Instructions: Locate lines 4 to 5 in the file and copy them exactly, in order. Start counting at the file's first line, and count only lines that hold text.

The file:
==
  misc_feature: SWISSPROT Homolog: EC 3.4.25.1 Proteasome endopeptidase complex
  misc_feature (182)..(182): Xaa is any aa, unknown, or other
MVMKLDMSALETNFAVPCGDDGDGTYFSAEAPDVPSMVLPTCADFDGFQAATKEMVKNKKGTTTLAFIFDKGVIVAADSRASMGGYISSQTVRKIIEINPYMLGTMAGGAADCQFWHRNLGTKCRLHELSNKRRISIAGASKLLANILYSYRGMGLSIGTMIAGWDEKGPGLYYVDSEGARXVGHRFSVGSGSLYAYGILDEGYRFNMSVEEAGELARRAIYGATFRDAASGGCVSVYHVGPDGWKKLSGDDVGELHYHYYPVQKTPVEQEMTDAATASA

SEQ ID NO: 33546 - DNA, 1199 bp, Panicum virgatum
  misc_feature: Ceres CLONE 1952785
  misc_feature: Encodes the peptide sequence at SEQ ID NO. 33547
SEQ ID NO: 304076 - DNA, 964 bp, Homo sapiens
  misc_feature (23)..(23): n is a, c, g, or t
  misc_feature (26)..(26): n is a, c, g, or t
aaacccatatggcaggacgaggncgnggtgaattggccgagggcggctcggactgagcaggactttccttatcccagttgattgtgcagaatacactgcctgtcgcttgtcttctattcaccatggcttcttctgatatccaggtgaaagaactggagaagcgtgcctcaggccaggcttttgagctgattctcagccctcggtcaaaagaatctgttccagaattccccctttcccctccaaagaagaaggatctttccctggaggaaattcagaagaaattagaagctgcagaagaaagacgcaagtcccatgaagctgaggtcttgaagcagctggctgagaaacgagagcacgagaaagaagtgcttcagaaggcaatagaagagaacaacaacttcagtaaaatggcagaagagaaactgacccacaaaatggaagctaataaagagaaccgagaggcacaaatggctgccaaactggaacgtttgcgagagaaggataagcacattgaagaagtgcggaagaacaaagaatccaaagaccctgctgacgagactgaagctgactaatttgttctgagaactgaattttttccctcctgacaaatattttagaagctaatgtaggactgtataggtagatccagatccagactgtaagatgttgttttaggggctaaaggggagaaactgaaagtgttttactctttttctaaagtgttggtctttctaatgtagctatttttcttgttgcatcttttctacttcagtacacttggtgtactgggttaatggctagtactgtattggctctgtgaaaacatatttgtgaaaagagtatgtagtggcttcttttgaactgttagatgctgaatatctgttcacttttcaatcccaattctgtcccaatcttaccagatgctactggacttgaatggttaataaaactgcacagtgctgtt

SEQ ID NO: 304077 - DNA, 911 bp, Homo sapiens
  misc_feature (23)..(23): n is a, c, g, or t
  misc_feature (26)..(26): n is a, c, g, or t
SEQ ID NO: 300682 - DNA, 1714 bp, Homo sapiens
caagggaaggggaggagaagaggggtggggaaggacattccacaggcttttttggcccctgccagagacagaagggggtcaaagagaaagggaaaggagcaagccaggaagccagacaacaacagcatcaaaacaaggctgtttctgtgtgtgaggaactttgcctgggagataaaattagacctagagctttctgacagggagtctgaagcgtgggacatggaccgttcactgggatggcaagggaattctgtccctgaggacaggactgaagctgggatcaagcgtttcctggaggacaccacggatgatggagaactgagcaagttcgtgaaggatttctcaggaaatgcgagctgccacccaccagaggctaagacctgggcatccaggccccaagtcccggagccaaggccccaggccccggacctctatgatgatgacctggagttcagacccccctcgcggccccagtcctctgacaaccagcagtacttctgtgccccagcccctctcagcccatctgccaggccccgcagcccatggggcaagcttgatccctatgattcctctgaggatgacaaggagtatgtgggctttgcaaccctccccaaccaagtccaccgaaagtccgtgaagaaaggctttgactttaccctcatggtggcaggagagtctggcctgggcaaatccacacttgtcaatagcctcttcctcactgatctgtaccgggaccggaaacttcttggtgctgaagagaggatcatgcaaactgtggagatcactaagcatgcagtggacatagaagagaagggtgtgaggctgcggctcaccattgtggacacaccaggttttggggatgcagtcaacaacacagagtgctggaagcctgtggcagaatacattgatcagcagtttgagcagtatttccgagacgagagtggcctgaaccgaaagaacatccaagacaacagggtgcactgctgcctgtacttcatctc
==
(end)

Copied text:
SEQ ID NO: 33546 - DNA, 1199 bp, Panicum virgatum
  misc_feature: Ceres CLONE 1952785